That it has chosen a route to express itself in a manner reminiscent of the ‘intifida’ is not altogether inappropriate in that at least it is not a military defiance of the state. Clearly, the insurgency has learned from the mistake of militarization made in the early nineties. The military challenge had been difficult to quell for the state, but the state was left with no option. This time round the state is considerably perplexed since even its policing action manifests as disproportionate. Therefore, stone throwing as a strategy of expression and challenge and placing the Kashmir issue center stage appears an alternative akin to non-cooperation, known in the subcontinent since the freedom struggle.
The clear message is that while the insurgency is under control, the ‘root causes’ remain. An acknowledgment of this is visible in both the chief minister Omar Abdullah and the Army Chief recently accepting the need for a ‘political’ solution. The Army Chief’s call is not the first time the military has made the point. This was made earlier by General VP Malik and his successor, Padmanabhan. The logic is that the military has succeeded in bringing down intensity of insurgency to levels manageable by the police. It is for the civil administration and the political authorities at the provincial and central level to deliver a political package that would help end the insurgency.
India therefore requires working along two directions. One is internally settling with Kashmiris. The second is externally with Pakistan. On both fronts India’s political prong of strategy has lagged behind considerably. Internally, the home minister having taken over the portfolio in wake of 26/11 had indicated that ‘quite diplomacy’ would be progressed with separatists. These were reportedly called off, when the interlocutor, Mirwaiz Omar Farouk of the Hurriyet, withdrew early this year. The state government has indicated that it will act as facilitator for yet another effort at reaching out.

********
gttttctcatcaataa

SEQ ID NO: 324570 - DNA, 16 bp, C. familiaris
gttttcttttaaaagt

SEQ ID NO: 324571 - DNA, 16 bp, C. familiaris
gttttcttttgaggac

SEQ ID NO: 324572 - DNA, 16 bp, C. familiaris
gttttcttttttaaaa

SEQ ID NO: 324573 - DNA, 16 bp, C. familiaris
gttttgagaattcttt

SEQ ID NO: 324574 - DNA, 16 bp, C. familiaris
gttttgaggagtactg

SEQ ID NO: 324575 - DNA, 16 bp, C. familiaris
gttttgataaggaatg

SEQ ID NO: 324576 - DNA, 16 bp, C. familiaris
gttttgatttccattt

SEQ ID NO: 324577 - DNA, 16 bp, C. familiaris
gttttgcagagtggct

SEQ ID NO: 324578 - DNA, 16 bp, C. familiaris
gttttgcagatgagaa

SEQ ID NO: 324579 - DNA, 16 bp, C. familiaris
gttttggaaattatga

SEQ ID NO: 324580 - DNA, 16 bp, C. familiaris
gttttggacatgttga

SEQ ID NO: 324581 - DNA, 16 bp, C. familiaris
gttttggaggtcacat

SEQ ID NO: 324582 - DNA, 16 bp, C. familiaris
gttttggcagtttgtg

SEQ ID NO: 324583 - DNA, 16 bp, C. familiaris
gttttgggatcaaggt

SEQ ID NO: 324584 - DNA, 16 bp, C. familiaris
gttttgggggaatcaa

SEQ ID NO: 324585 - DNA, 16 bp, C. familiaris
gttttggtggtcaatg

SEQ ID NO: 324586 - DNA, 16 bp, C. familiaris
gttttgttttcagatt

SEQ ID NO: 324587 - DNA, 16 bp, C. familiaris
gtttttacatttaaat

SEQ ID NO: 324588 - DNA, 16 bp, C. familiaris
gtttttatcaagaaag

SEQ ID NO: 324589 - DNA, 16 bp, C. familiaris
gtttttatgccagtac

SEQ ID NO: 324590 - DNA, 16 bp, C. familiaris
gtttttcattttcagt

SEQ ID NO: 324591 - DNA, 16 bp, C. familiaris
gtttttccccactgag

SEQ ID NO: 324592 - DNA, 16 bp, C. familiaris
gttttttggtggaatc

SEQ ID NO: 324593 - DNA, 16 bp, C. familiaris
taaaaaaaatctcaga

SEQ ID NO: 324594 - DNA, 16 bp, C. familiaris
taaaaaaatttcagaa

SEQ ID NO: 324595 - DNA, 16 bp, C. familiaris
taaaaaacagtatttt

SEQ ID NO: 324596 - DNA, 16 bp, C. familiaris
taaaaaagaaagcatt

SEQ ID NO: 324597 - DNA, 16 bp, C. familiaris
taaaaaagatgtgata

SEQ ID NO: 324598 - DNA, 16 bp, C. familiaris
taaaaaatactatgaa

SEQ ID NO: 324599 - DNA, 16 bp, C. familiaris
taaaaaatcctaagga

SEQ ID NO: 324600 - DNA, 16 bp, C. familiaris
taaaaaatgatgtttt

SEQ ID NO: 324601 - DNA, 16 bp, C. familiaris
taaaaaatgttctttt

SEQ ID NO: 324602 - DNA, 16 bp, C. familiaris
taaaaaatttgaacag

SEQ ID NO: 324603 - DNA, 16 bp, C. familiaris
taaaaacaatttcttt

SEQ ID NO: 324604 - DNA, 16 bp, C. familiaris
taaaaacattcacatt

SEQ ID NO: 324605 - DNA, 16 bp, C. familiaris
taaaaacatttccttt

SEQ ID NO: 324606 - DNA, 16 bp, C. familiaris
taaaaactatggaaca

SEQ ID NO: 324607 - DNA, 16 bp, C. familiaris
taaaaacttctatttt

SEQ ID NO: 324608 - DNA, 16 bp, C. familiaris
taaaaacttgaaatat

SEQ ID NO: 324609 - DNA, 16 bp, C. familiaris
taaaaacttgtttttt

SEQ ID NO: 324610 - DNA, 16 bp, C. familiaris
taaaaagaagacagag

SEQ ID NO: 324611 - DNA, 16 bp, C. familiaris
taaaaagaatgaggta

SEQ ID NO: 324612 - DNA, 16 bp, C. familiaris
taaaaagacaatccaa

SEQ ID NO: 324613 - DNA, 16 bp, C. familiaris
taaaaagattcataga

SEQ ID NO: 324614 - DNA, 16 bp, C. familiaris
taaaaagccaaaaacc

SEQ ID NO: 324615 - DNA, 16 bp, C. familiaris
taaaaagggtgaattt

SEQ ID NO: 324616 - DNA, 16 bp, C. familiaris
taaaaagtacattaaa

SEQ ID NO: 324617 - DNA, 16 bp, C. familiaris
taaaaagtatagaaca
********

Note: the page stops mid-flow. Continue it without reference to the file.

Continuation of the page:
Externally, India’s position is that borders cannot be redrawn but can be made irrelevant. Much progress has been made down this direction with the opening up of the borders to trade etc. The ‘back channel’ had made considerable progress till Musharraf had been waylaid by domestic troubles. As a start point, India wants Pakistan to acknowledge progress made under Musharraf to ascertain that the Pakistan Army, that is the ultimate arbiter of security issues there, is once again on board.
India has not been able to bring to a closure the initiatives on both fronts. This owes to political weakness, particularly in face of right wing forces threatening against a ‘sell out’. India’s strategic establishment and strategic community does not see the requirement of reaching out, given its view of the power balance turning in favour of India in light of Pakistan’s travails with home grown terror. Consequently, it can at best be expected that a decision to resume the composite dialogue would be taken at Islamabad. India would be unwilling to go further, so long as Pakistan uses Kashmir as a pressure point.
Clearly, India has the capacity to weather yet another storm in Kashmir. It is equally clear that this would be at the cost of a few more Kashmiri lives. Duty towards its own citizens demands that India take appropriate political initiatives internally. Even if this is the best argument, it would unlikely carry the day. Instead, an argument that could prove more convincing is that doing so would result in irrelevance of the external dimension.
Ali Ahmed is a Research Fellow, IDSA, New Delhi